Bridgerton “Swish” Spoilers Ahead
“Swish” should have been titled something along the lines of “The One Where All the Secrets Come Out” because, really, that title does not set up the amount that happens in this episode or how it makes anyone feel. This one’s a tough one to cover. Sometimes while you may feel one way about an episode, others feel differently—we don’t all read or watch the things the same way, but there are somethings most of us can collectively agree on being right or wrong. At the same time, where fiction is especially concerned, we can like something even while fully acknowledging that it’s problematic. And there are more than a few things in this episode that are. But nevertheless, it isn’t lacking in beautiful moments, and it thematically brings to light what we’ve been saying all along, which is that transparency matters, and it particularly matters in relationships—romantic or platonic.
The newlyweds start thriving in Clyvedon while the Bridgertons are met with surprising news at an afternoon garden party. “Swish” starts off with a lot of laughter and ends with tears, which is somewhat fitting since we’re almost close to the end—and things must get dark before they get better.
Swish and Propose
That said, let’s get into it with Colin and Marina and the amount of drama this has caused. Proposing without telling your family is one thing, announcing it publicly is another, but Colin Bridgerton has a lot to learn and perhaps Anthony yelling at him isn’t the way to go about this. It is, however, more than anything a fascinating distinction between men and women, for it once again reveals that where men are expected to have screwed around, women would be scorned for life if that were the case. It’s a clear reminder of the patriarchal society we’re in and a rather obvious display of the double standards. Colin shouldn’t marry not because he hasn’t had much experience, but because he doesn’t know the woman he’s marrying, and hasty marriages only work when two people have been caught in a compromising situation. But since they have not made the effort to show the friendship between Colin and Marina, we as viewers could decipher that this isn’t the case either. This isn’t love—even without spoilers from Romancing Mister Bridgerton, it’s evident to the audience, especially knowing what we know, that this is based on a lie.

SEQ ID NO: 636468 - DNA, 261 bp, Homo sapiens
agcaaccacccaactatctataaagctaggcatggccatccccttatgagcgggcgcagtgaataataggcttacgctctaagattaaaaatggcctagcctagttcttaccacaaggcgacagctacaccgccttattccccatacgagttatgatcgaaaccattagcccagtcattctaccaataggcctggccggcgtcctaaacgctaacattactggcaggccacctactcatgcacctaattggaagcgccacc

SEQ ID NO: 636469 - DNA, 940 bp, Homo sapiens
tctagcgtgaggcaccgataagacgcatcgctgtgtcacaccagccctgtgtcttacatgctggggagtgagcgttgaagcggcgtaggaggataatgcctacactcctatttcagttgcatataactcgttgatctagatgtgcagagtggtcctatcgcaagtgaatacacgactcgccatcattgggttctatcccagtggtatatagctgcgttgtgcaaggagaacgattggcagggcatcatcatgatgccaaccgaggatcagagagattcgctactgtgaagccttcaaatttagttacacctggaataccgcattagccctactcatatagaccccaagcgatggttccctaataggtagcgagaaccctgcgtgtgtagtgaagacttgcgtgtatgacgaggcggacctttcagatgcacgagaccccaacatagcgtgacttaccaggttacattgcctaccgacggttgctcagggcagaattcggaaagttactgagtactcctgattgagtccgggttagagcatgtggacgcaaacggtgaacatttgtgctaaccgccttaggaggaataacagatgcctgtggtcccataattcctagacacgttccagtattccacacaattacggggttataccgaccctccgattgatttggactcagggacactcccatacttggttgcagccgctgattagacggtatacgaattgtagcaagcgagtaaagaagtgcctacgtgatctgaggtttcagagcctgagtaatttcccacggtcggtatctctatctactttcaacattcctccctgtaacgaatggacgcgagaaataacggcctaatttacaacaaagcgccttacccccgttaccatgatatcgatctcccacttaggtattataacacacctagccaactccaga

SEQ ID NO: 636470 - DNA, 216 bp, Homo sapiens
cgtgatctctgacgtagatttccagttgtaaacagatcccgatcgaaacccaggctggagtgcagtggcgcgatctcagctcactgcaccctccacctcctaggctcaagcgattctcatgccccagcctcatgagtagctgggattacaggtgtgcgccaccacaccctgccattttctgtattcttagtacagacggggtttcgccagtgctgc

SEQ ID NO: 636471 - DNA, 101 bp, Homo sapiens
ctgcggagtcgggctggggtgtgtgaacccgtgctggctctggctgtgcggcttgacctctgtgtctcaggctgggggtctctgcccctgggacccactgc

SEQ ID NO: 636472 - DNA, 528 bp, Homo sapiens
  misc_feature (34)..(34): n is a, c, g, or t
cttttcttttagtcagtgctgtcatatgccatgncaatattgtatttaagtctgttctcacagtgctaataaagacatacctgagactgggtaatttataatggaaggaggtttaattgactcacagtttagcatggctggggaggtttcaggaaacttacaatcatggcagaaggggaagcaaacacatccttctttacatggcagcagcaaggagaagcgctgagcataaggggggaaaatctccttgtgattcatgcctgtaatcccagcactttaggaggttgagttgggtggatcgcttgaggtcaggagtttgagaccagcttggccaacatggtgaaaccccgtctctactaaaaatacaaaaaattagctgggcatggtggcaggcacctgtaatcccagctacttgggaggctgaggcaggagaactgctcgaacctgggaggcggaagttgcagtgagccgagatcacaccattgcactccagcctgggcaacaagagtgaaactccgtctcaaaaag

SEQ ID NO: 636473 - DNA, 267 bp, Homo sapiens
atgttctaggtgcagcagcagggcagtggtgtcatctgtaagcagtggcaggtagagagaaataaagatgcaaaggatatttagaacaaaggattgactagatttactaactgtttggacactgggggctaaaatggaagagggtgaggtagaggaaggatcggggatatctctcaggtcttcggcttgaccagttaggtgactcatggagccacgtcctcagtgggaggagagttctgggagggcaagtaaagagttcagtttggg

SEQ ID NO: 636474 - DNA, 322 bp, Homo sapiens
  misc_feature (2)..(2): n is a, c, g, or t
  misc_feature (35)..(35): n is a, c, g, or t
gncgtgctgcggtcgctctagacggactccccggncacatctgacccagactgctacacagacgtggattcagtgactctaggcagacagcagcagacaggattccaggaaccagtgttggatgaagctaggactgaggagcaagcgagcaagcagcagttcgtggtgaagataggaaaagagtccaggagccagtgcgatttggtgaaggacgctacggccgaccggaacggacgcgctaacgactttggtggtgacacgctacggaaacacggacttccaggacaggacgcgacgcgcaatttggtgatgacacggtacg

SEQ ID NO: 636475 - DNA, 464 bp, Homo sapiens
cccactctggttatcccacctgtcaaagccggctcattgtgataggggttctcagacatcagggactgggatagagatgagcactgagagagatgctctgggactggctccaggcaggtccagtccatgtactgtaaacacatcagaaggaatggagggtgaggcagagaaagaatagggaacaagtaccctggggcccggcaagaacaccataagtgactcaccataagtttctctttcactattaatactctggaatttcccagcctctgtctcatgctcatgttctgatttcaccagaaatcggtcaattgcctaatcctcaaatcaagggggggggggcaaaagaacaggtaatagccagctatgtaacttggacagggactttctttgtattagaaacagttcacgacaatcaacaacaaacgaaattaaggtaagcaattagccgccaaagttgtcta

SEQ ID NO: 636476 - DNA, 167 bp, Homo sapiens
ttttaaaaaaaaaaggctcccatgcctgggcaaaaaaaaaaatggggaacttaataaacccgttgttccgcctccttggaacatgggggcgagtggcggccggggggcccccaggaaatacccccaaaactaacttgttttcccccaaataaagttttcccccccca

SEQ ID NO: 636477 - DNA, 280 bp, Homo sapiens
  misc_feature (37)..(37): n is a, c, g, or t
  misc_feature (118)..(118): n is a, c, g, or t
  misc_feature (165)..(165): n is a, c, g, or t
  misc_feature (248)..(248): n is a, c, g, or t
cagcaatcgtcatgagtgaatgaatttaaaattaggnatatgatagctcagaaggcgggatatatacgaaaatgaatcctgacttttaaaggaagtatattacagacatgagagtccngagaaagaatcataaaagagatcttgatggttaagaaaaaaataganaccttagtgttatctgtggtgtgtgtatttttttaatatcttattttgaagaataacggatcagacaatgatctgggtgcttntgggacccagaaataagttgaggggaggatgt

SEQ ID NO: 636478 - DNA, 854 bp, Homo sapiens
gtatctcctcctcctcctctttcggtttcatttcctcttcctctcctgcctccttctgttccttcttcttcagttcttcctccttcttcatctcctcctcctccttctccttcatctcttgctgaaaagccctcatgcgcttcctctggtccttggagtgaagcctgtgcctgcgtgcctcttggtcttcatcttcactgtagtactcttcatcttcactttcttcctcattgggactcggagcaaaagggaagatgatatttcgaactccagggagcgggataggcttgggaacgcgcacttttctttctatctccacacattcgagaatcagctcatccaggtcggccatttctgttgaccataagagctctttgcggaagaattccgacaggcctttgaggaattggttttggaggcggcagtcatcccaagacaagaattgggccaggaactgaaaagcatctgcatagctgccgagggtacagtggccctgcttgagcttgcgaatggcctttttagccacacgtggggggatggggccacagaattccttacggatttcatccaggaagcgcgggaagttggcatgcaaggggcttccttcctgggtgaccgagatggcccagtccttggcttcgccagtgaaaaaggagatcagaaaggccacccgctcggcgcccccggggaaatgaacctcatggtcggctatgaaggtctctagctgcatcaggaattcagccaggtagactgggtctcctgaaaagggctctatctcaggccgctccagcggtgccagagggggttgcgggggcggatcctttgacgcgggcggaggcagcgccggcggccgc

We’ve been writing about the importance of using someone’s full name and the formality behind it since the beginning—Anthony is so often referred to as My Lord by Siena while on screen (behind closed doors could look different) and Benedict is Bridgerton to members outside of his family. That leaves Colin, and Marina using his name for the first time this week set us off a bit. We’re only a little salty, we’ll get over it in time. But the lack of formality behind it, the lack of acknowledgement on its importance does make us feel better a bit. Also, placing the clear distinction between his choice to call Penelope Pen is the darling showcase of friendship—the one thing that’s important with endgame couples. (We’re all mostly saps here, don’t blame us.)
After Marina voices her concerns that she doesn’t feel loved by anyone, including the Featheringtons, including her own father, Colin proposes going to Gretna Green—no marriage license necessary, no questions asked. But this all comes after Penelope’s attempts to warn him about Marina’s heart belonging to someone else. We have a lot to say on Penelope and her actions that’ll mostly be addressed in the season finale review, but for now, more than anything, more than her own love and agenda concerned, she is looking out for Colin in the way she believes is best.
Penelope telling Colin doesn’t come from malicious intent, but rather she reveals it to protect her friend. She later tries to tell Marina about the fake letters in order to reveal that George does likely still love her. But we get it, Marina can’t afford to wait in her condition; however, what she is doing to Colin, what she and Lady Featherington have planned is still wrong. All around, desperate times call for desperate measures throughout this episode.